Will the Supreme Court of the United States reconsider its judgment of 1973 which extended the right to abortion to the whole country? This is what Arkansas seems to want. To this end, this state adopted a law on Tuesday banning abortion even in cases of rape or incest.
The only exception provided for in the text promulgated by Arkansas, known for its Christian conservatism, is to “save the life of the mother in a medical emergency,” announced its governor. Asa Hutchinson further explains that she ratified this law because of her “sincere beliefs” against abortion.
A divided American population
The text should not come into force before the summer, and the powerful civil rights organization ACLU has already announced that it will challenge it in court. It must be said that abortion still strongly divides the American population, with opposition still very strong, especially in religious circles.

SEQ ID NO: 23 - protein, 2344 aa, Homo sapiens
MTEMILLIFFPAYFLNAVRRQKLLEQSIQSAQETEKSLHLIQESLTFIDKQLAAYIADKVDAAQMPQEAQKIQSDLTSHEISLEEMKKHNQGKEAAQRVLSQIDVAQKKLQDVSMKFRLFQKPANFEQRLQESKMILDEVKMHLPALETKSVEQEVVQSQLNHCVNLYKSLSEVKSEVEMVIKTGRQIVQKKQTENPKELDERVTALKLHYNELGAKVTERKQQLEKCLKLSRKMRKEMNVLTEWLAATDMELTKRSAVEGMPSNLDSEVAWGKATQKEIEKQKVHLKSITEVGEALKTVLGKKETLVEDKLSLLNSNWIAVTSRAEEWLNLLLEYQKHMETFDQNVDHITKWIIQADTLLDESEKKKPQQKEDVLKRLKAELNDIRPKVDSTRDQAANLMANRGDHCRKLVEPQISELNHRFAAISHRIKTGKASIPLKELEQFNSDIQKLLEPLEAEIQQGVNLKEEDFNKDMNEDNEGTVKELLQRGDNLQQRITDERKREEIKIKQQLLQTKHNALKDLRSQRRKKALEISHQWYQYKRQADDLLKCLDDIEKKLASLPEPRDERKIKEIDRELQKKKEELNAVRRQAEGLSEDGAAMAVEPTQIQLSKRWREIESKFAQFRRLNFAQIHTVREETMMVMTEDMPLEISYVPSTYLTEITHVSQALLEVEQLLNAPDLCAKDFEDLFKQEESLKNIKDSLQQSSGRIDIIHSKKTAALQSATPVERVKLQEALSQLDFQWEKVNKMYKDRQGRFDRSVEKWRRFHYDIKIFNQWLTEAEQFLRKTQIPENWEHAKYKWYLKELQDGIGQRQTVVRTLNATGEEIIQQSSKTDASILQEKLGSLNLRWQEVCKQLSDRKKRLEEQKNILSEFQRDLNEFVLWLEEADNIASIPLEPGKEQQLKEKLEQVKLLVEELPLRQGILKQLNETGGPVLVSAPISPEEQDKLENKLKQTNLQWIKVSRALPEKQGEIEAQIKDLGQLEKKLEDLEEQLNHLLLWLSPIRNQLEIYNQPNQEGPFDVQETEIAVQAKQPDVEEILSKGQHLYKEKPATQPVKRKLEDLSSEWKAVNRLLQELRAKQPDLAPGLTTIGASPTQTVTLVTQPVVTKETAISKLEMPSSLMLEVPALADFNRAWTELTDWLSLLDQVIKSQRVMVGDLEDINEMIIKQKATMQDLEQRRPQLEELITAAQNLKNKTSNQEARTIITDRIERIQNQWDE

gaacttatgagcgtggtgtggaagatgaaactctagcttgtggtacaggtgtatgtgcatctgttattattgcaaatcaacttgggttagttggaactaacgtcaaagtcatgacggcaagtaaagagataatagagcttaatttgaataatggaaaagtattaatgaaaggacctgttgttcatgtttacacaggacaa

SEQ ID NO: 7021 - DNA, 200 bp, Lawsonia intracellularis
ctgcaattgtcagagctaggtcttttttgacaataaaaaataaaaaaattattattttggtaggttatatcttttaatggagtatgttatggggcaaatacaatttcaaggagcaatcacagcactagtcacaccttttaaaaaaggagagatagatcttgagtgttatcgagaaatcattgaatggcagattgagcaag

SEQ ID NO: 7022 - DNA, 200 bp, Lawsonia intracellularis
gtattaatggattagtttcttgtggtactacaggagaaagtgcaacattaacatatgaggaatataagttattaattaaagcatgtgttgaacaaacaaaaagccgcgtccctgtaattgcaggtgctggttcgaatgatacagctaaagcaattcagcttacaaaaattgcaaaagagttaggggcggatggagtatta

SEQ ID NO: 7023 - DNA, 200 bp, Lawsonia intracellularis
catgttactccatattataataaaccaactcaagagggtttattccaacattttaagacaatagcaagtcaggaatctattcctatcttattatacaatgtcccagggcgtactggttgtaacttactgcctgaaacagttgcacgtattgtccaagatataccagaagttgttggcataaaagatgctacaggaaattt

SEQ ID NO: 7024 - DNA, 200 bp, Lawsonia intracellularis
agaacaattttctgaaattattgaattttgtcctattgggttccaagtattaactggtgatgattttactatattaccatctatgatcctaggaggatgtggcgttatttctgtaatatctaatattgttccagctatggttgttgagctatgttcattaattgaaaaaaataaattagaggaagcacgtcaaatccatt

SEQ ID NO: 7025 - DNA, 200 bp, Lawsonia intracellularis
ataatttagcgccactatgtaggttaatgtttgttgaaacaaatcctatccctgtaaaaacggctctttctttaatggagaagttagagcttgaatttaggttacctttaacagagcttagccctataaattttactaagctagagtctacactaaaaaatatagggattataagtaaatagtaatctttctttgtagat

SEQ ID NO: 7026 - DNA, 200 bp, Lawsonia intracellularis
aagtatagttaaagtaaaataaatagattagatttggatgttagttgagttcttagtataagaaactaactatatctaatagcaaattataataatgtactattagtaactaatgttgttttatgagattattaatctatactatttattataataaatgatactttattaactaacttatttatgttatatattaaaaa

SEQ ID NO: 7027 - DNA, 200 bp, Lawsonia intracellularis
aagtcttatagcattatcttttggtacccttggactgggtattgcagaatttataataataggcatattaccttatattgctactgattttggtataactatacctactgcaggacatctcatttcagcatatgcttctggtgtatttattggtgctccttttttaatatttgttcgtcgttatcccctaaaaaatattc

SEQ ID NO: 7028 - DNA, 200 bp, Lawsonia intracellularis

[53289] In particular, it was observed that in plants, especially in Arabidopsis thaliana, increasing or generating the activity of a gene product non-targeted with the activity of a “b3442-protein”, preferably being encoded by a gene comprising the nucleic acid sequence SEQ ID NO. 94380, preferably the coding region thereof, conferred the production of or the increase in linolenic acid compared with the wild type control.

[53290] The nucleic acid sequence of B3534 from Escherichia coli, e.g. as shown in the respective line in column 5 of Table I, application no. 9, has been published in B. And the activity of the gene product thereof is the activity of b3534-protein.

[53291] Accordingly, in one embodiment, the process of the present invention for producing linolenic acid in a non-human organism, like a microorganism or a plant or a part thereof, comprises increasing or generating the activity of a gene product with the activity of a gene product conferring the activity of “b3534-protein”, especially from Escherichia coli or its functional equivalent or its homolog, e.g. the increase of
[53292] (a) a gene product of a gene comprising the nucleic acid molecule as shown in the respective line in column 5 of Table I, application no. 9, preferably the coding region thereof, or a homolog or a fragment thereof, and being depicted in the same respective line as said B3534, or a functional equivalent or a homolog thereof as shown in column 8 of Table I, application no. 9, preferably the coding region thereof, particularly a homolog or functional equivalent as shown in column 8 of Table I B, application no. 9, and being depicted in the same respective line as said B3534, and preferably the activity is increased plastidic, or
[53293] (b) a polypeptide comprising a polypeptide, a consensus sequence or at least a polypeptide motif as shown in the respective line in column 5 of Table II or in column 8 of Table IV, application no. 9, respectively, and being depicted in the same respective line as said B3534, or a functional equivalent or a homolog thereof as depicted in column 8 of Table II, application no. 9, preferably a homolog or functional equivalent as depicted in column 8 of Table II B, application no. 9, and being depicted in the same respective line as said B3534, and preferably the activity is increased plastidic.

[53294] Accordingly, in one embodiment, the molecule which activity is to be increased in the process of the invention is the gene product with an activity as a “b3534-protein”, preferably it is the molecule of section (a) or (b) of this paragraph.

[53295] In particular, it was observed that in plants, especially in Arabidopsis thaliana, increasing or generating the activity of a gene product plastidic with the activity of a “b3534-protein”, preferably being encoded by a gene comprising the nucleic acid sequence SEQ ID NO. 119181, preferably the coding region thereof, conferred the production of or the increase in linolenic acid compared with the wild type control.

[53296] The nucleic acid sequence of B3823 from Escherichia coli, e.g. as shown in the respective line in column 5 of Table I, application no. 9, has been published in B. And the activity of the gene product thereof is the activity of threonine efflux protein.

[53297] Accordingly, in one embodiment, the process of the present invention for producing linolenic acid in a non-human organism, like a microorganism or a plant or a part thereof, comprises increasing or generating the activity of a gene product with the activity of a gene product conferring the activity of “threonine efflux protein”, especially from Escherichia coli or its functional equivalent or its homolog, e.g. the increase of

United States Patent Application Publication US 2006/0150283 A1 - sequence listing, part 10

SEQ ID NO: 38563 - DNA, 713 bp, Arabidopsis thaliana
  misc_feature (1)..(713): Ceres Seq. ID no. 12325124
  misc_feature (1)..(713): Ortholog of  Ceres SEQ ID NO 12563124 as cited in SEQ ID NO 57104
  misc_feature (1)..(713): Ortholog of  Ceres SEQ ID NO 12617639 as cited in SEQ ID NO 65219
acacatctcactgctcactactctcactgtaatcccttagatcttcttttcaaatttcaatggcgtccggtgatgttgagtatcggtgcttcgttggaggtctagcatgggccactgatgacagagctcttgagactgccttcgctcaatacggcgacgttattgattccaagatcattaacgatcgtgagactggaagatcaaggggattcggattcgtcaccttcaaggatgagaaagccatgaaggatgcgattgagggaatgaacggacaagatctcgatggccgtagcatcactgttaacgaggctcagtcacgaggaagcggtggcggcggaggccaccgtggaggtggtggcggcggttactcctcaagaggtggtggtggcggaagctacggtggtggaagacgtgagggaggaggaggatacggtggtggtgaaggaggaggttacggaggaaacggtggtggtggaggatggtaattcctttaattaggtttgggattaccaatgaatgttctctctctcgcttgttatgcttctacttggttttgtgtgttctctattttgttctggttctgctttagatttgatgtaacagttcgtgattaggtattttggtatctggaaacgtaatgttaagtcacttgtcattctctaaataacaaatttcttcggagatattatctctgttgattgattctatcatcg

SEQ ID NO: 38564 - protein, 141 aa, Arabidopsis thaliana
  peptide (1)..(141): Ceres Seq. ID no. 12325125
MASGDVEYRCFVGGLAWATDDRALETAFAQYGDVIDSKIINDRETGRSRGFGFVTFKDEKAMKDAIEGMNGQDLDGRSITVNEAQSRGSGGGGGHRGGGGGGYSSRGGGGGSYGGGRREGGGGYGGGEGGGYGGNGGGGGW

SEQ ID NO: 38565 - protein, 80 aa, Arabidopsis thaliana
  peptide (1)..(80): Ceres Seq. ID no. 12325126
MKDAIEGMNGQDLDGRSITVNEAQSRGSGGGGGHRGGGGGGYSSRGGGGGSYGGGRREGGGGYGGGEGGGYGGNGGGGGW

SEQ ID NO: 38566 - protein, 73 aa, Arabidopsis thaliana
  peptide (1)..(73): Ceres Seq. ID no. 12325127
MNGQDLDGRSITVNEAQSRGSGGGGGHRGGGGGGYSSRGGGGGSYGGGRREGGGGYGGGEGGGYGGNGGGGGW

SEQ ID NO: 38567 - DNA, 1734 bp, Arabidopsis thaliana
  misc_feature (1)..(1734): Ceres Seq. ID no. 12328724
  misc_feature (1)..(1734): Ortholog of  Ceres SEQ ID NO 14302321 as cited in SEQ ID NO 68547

For the past twenty years, the states of the south and the center of the country have increased the number of restrictive laws on abortion, for example imposing a width for the corridors leading to operating theaters, forcing many clinics to close their doors. With this law in Arkansas, opponents of voluntary termination of pregnancy (abortion) therefore hope to push for a reversal of the Supreme Court of the United States. Such a change would allow each state to do what it wants and would further increase territorial inequalities.
A Supreme Court anchored to the right
“The purpose of this law is to prepare the ground for the Supreme Court to overturn the current case law,” the Governor of Arkansas said bluntly. The temple of American law has been firmly anchored to the right since the appointment by Donald Trump of a conservative judge, a few days before his defeat in the presidential election.